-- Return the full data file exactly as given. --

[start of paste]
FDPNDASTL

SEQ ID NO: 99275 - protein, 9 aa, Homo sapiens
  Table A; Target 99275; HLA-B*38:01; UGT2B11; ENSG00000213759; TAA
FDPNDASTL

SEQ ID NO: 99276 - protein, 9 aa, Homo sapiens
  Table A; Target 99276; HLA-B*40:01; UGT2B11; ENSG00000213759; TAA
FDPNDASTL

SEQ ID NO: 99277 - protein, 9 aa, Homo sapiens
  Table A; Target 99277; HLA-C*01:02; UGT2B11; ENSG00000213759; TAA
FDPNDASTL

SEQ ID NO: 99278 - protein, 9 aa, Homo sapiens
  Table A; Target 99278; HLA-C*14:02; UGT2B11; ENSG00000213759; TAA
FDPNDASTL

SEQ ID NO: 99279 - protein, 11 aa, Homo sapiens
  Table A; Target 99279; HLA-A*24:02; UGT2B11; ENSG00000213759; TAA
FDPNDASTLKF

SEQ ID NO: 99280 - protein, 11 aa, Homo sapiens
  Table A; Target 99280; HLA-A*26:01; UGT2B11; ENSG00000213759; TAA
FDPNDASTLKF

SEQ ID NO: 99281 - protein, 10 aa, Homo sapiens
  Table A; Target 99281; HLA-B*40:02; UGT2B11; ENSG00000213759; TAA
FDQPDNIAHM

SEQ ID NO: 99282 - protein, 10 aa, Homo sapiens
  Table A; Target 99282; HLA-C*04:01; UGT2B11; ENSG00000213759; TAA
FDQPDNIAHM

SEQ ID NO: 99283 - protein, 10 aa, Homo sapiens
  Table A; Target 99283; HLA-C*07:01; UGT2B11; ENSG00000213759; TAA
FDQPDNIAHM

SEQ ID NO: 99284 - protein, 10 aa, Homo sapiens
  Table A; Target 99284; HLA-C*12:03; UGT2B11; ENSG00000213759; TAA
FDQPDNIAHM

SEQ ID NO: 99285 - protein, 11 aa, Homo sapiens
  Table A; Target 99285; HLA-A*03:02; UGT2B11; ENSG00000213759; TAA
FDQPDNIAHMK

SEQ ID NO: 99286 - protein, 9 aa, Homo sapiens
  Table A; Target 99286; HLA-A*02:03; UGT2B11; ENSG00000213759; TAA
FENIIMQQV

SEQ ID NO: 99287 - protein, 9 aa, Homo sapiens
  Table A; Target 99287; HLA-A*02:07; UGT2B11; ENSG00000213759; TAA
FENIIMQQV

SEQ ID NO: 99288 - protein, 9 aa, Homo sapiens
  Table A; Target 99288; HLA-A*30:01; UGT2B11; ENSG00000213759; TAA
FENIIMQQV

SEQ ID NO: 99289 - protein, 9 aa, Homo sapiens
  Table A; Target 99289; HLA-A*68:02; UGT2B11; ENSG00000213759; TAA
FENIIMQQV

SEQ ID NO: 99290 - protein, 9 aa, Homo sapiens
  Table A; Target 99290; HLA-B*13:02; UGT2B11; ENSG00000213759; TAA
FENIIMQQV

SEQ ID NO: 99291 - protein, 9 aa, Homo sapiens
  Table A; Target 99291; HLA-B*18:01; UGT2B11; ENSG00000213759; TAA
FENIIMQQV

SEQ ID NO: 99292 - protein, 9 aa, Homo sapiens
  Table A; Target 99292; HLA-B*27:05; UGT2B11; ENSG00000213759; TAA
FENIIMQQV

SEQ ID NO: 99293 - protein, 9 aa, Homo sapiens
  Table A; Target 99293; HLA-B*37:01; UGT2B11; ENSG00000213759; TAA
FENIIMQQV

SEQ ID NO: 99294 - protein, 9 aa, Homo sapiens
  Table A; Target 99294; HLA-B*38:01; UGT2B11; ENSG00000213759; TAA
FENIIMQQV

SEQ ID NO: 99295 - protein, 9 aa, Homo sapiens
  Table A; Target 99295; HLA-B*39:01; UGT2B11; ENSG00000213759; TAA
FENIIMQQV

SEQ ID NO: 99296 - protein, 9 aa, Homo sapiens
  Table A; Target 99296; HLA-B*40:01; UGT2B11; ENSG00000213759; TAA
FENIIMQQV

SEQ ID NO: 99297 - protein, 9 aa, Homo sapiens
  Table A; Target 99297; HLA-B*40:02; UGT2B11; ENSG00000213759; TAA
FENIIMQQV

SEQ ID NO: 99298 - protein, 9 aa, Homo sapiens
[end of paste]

FDPNDASTL

SEQ ID NO: 99275 - protein, 9 aa, Homo sapiens
  Table A; Target 99275; HLA-B*38:01; UGT2B11; ENSG00000213759; TAA
FDPNDASTL

SEQ ID NO: 99276 - protein, 9 aa, Homo sapiens
  Table A; Target 99276; HLA-B*40:01; UGT2B11; ENSG00000213759; TAA
FDPNDASTL

SEQ ID NO: 99277 - protein, 9 aa, Homo sapiens
  Table A; Target 99277; HLA-C*01:02; UGT2B11; ENSG00000213759; TAA
FDPNDASTL

SEQ ID NO: 99278 - protein, 9 aa, Homo sapiens
  Table A; Target 99278; HLA-C*14:02; UGT2B11; ENSG00000213759; TAA
FDPNDASTL

SEQ ID NO: 99279 - protein, 11 aa, Homo sapiens
  Table A; Target 99279; HLA-A*24:02; UGT2B11; ENSG00000213759; TAA
FDPNDASTLKF

SEQ ID NO: 99280 - protein, 11 aa, Homo sapiens
  Table A; Target 99280; HLA-A*26:01; UGT2B11; ENSG00000213759; TAA
FDPNDASTLKF

SEQ ID NO: 99281 - protein, 10 aa, Homo sapiens
  Table A; Target 99281; HLA-B*40:02; UGT2B11; ENSG00000213759; TAA
FDQPDNIAHM

SEQ ID NO: 99282 - protein, 10 aa, Homo sapiens
  Table A; Target 99282; HLA-C*04:01; UGT2B11; ENSG00000213759; TAA
FDQPDNIAHM

SEQ ID NO: 99283 - protein, 10 aa, Homo sapiens
  Table A; Target 99283; HLA-C*07:01; UGT2B11; ENSG00000213759; TAA
FDQPDNIAHM

SEQ ID NO: 99284 - protein, 10 aa, Homo sapiens
  Table A; Target 99284; HLA-C*12:03; UGT2B11; ENSG00000213759; TAA
FDQPDNIAHM

SEQ ID NO: 99285 - protein, 11 aa, Homo sapiens
  Table A; Target 99285; HLA-A*03:02; UGT2B11; ENSG00000213759; TAA
FDQPDNIAHMK

SEQ ID NO: 99286 - protein, 9 aa, Homo sapiens
  Table A; Target 99286; HLA-A*02:03; UGT2B11; ENSG00000213759; TAA
FENIIMQQV

SEQ ID NO: 99287 - protein, 9 aa, Homo sapiens
  Table A; Target 99287; HLA-A*02:07; UGT2B11; ENSG00000213759; TAA
FENIIMQQV

SEQ ID NO: 99288 - protein, 9 aa, Homo sapiens
  Table A; Target 99288; HLA-A*30:01; UGT2B11; ENSG00000213759; TAA
FENIIMQQV

SEQ ID NO: 99289 - protein, 9 aa, Homo sapiens
  Table A; Target 99289; HLA-A*68:02; UGT2B11; ENSG00000213759; TAA
FENIIMQQV

SEQ ID NO: 99290 - protein, 9 aa, Homo sapiens
  Table A; Target 99290; HLA-B*13:02; UGT2B11; ENSG00000213759; TAA
FENIIMQQV

SEQ ID NO: 99291 - protein, 9 aa, Homo sapiens
  Table A; Target 99291; HLA-B*18:01; UGT2B11; ENSG00000213759; TAA
FENIIMQQV

SEQ ID NO: 99292 - protein, 9 aa, Homo sapiens
  Table A; Target 99292; HLA-B*27:05; UGT2B11; ENSG00000213759; TAA
FENIIMQQV

SEQ ID NO: 99293 - protein, 9 aa, Homo sapiens
  Table A; Target 99293; HLA-B*37:01; UGT2B11; ENSG00000213759; TAA
FENIIMQQV

SEQ ID NO: 99294 - protein, 9 aa, Homo sapiens
  Table A; Target 99294; HLA-B*38:01; UGT2B11; ENSG00000213759; TAA
FENIIMQQV

SEQ ID NO: 99295 - protein, 9 aa, Homo sapiens
  Table A; Target 99295; HLA-B*39:01; UGT2B11; ENSG00000213759; TAA
FENIIMQQV

SEQ ID NO: 99296 - protein, 9 aa, Homo sapiens
  Table A; Target 99296; HLA-B*40:01; UGT2B11; ENSG00000213759; TAA
FENIIMQQV

SEQ ID NO: 99297 - protein, 9 aa, Homo sapiens
  Table A; Target 99297; HLA-B*40:02; UGT2B11; ENSG00000213759; TAA
FENIIMQQV

SEQ ID NO: 99298 - protein, 9 aa, Homo sapiens